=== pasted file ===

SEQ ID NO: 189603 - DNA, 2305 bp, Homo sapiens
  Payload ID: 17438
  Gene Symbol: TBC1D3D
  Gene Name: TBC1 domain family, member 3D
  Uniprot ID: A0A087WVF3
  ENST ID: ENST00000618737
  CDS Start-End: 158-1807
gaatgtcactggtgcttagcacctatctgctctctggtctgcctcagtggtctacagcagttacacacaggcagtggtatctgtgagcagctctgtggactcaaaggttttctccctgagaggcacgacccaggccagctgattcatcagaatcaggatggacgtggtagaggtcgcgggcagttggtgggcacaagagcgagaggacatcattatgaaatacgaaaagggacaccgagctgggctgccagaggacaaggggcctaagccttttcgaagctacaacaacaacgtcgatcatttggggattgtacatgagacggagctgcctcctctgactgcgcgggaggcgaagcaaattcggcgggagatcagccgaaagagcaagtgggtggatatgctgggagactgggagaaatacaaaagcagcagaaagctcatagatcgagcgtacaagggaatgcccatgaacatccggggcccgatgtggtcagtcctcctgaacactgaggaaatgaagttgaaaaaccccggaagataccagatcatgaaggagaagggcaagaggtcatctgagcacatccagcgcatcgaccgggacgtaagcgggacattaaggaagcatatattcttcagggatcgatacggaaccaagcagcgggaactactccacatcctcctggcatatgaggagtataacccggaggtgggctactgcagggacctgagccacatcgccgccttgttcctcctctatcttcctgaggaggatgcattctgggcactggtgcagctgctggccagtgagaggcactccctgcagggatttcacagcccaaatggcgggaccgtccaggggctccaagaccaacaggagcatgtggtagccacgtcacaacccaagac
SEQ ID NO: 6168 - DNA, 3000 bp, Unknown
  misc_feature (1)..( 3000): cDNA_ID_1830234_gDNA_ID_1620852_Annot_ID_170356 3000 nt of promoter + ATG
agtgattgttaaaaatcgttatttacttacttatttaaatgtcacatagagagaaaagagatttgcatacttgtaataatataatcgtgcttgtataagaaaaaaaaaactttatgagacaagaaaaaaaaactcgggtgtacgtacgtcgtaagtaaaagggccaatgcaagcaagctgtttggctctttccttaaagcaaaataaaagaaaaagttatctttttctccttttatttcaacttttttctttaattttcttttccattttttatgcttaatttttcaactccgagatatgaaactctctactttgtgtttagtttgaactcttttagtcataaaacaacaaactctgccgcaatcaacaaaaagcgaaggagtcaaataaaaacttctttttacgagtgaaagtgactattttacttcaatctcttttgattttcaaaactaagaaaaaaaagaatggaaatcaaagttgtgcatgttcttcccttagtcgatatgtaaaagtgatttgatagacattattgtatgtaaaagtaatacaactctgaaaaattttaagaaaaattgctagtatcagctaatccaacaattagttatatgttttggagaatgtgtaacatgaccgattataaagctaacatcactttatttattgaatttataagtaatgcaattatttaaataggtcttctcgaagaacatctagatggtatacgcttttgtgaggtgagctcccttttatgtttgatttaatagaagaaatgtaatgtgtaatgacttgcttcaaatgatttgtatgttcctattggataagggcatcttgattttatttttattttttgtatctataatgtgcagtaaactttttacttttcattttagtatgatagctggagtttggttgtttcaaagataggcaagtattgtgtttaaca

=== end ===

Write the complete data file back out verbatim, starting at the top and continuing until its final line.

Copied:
SEQ ID NO: 189603 - DNA, 2305 bp, Homo sapiens
  Payload ID: 17438
  Gene Symbol: TBC1D3D
  Gene Name: TBC1 domain family, member 3D
  Uniprot ID: A0A087WVF3
  ENST ID: ENST00000618737
  CDS Start-End: 158-1807
gaatgtcactggtgcttagcacctatctgctctctggtctgcctcagtggtctacagcagttacacacaggcagtggtatctgtgagcagctctgtggactcaaaggttttctccctgagaggcacgacccaggccagctgattcatcagaatcaggatggacgtggtagaggtcgcgggcagttggtgggcacaagagcgagaggacatcattatgaaatacgaaaagggacaccgagctgggctgccagaggacaaggggcctaagccttttcgaagctacaacaacaacgtcgatcatttggggattgtacatgagacggagctgcctcctctgactgcgcgggaggcgaagcaaattcggcgggagatcagccgaaagagcaagtgggtggatatgctgggagactgggagaaatacaaaagcagcagaaagctcatagatcgagcgtacaagggaatgcccatgaacatccggggcccgatgtggtcagtcctcctgaacactgaggaaatgaagttgaaaaaccccggaagataccagatcatgaaggagaagggcaagaggtcatctgagcacatccagcgcatcgaccgggacgtaagcgggacattaaggaagcatatattcttcagggatcgatacggaaccaagcagcgggaactactccacatcctcctggcatatgaggagtataacccggaggtgggctactgcagggacctgagccacatcgccgccttgttcctcctctatcttcctgaggaggatgcattctgggcactggtgcagctgctggccagtgagaggcactccctgcagggatttcacagcccaaatggcgggaccgtccaggggctccaagaccaacaggagcatgtggtagccacgtcacaacccaagac
SEQ ID NO: 6168 - DNA, 3000 bp, Unknown
  misc_feature (1)..( 3000): cDNA_ID_1830234_gDNA_ID_1620852_Annot_ID_170356 3000 nt of promoter + ATG
agtgattgttaaaaatcgttatttacttacttatttaaatgtcacatagagagaaaagagatttgcatacttgtaataatataatcgtgcttgtataagaaaaaaaaaactttatgagacaagaaaaaaaaactcgggtgtacgtacgtcgtaagtaaaagggccaatgcaagcaagctgtttggctctttccttaaagcaaaataaaagaaaaagttatctttttctccttttatttcaacttttttctttaattttcttttccattttttatgcttaatttttcaactccgagatatgaaactctctactttgtgtttagtttgaactcttttagtcataaaacaacaaactctgccgcaatcaacaaaaagcgaaggagtcaaataaaaacttctttttacgagtgaaagtgactattttacttcaatctcttttgattttcaaaactaagaaaaaaaagaatggaaatcaaagttgtgcatgttcttcccttagtcgatatgtaaaagtgatttgatagacattattgtatgtaaaagtaatacaactctgaaaaattttaagaaaaattgctagtatcagctaatccaacaattagttatatgttttggagaatgtgtaacatgaccgattataaagctaacatcactttatttattgaatttataagtaatgcaattatttaaataggtcttctcgaagaacatctagatggtatacgcttttgtgaggtgagctcccttttatgtttgatttaatagaagaaatgtaatgtgtaatgacttgcttcaaatgatttgtatgttcctattggataagggcatcttgattttatttttattttttgtatctataatgtgcagtaaactttttacttttcattttagtatgatagctggagtttggttgtttcaaagataggcaagtattgtgtttaaca